I purchased about 50 tulip and daffodil bulbs last fall, fully intending to plant them immediately. One thing lead to another and they are still sitting in their brown paper bags. They have not even been placed in the refrigerator to cool them. Now in early February are they a lost cause or is there anything I can do to get some beautiful blooms either indoors or out? - Washington D.C.
I too have suffered from the good intention of planting spring flowering bulbs in the fall only to find that by late winter I still have not gotten to it. When I find myself in this situation I try to expect the worst and hope for the best.
- Sort through the bulbs, removing any that are soft or moldy, a little bit of mold is okay so just use your best judgment.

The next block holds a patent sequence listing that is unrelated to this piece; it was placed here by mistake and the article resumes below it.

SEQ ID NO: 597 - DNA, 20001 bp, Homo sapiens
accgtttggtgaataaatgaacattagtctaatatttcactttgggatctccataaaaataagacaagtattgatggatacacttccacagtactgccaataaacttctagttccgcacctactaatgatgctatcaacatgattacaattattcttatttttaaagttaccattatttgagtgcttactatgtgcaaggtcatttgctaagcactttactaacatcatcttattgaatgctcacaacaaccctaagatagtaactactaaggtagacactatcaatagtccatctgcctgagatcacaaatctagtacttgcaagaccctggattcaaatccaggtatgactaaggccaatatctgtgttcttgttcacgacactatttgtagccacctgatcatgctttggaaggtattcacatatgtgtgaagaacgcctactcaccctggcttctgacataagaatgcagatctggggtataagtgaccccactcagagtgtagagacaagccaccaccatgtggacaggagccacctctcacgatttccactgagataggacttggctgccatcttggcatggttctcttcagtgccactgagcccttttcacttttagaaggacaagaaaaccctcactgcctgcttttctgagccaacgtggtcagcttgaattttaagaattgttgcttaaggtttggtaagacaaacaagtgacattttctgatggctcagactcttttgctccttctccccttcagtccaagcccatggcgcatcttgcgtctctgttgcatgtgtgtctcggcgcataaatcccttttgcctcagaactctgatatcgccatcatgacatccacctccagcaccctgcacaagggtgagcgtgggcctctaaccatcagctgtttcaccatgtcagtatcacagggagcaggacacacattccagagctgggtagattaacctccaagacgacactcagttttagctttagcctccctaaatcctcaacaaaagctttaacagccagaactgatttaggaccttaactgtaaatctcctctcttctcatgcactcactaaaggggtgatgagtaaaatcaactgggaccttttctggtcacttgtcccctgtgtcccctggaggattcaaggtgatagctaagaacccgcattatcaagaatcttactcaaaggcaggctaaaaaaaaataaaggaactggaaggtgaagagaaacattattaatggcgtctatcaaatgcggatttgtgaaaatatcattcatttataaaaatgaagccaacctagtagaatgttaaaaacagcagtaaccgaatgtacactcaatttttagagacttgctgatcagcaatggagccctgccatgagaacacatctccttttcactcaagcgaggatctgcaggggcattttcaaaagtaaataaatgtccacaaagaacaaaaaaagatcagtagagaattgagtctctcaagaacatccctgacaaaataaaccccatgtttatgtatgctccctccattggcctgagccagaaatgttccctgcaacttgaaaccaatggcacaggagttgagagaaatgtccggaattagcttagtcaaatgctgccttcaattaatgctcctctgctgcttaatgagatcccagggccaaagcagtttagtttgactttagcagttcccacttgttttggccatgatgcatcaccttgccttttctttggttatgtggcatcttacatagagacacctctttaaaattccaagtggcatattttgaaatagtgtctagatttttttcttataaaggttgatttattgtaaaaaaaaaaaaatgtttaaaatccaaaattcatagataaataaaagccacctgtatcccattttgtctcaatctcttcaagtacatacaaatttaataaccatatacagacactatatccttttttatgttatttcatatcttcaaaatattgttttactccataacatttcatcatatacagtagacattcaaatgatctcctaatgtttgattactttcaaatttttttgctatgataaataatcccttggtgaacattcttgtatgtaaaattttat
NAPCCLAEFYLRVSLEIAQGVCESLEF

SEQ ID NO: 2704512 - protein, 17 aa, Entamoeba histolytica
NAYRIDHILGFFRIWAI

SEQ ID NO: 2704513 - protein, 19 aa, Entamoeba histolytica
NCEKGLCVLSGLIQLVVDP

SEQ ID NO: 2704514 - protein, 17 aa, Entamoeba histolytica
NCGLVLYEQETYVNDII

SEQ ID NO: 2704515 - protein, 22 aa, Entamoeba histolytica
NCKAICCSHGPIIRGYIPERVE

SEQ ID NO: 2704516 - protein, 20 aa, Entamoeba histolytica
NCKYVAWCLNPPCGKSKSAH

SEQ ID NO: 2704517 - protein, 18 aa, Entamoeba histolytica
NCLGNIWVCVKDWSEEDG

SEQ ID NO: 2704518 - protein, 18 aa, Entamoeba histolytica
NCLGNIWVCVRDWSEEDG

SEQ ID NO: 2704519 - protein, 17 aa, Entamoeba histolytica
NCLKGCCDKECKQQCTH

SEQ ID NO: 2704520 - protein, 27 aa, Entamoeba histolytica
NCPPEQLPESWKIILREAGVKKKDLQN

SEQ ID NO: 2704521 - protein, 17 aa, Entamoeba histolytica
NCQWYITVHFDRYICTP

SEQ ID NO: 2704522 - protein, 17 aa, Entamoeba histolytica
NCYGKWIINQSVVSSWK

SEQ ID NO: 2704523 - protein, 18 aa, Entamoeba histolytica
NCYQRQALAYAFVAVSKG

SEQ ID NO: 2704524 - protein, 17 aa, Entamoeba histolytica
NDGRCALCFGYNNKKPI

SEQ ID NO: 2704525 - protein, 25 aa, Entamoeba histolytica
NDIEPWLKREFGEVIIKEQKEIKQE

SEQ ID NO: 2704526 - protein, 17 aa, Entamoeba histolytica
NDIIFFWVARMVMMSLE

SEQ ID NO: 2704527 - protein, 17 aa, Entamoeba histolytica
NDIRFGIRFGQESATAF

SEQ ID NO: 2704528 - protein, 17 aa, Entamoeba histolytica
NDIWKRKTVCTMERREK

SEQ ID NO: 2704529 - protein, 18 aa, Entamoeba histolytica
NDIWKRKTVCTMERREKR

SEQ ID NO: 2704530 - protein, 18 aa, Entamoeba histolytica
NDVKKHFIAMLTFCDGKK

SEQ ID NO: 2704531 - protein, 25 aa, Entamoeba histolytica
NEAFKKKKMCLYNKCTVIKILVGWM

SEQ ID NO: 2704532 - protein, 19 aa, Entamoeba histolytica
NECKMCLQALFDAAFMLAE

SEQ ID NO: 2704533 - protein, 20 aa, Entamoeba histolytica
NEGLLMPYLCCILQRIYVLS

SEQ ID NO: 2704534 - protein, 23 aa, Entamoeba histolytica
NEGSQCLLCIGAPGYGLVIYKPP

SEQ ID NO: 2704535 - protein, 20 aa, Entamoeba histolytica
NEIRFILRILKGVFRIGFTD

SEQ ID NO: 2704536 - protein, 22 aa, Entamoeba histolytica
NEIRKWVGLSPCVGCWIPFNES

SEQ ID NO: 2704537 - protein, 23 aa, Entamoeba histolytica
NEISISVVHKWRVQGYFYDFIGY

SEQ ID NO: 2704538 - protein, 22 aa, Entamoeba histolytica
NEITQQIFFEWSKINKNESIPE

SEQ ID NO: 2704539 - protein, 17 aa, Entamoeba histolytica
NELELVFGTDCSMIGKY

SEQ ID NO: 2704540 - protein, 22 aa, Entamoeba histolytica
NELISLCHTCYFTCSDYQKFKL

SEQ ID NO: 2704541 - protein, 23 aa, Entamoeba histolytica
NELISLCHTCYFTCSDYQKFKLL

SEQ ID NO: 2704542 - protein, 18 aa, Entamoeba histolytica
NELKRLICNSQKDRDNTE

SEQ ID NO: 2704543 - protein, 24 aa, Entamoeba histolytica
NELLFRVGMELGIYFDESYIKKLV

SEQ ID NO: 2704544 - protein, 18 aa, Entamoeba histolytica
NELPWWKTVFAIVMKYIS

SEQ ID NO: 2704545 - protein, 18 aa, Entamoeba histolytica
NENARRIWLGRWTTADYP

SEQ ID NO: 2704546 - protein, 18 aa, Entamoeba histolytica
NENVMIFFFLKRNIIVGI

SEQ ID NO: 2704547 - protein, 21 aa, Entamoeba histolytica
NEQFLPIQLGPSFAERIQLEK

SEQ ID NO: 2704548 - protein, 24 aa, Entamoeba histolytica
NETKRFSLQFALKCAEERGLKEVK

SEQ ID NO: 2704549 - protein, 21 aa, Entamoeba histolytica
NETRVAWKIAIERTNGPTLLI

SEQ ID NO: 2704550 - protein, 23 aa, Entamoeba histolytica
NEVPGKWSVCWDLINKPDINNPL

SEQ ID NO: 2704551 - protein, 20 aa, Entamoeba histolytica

- Plant the daffodils in the garden as you had planned. Daffodils do not require a period of cold temperatures so a late planting will not affect them too much. You may not get blooms this spring, but daffodils are perennial. Allow the leaves to die back naturally and the bulb will recharge itself for a beautiful display of flowers next year.
- Plant the tulip bulbs in containers and keep your fingers crossed. Without a cooling period, these bulbs may not come up so do not put a lot of effort into planting them. And unlike daffodils, tulips are not reliably perennial, especially where winters are short, so they can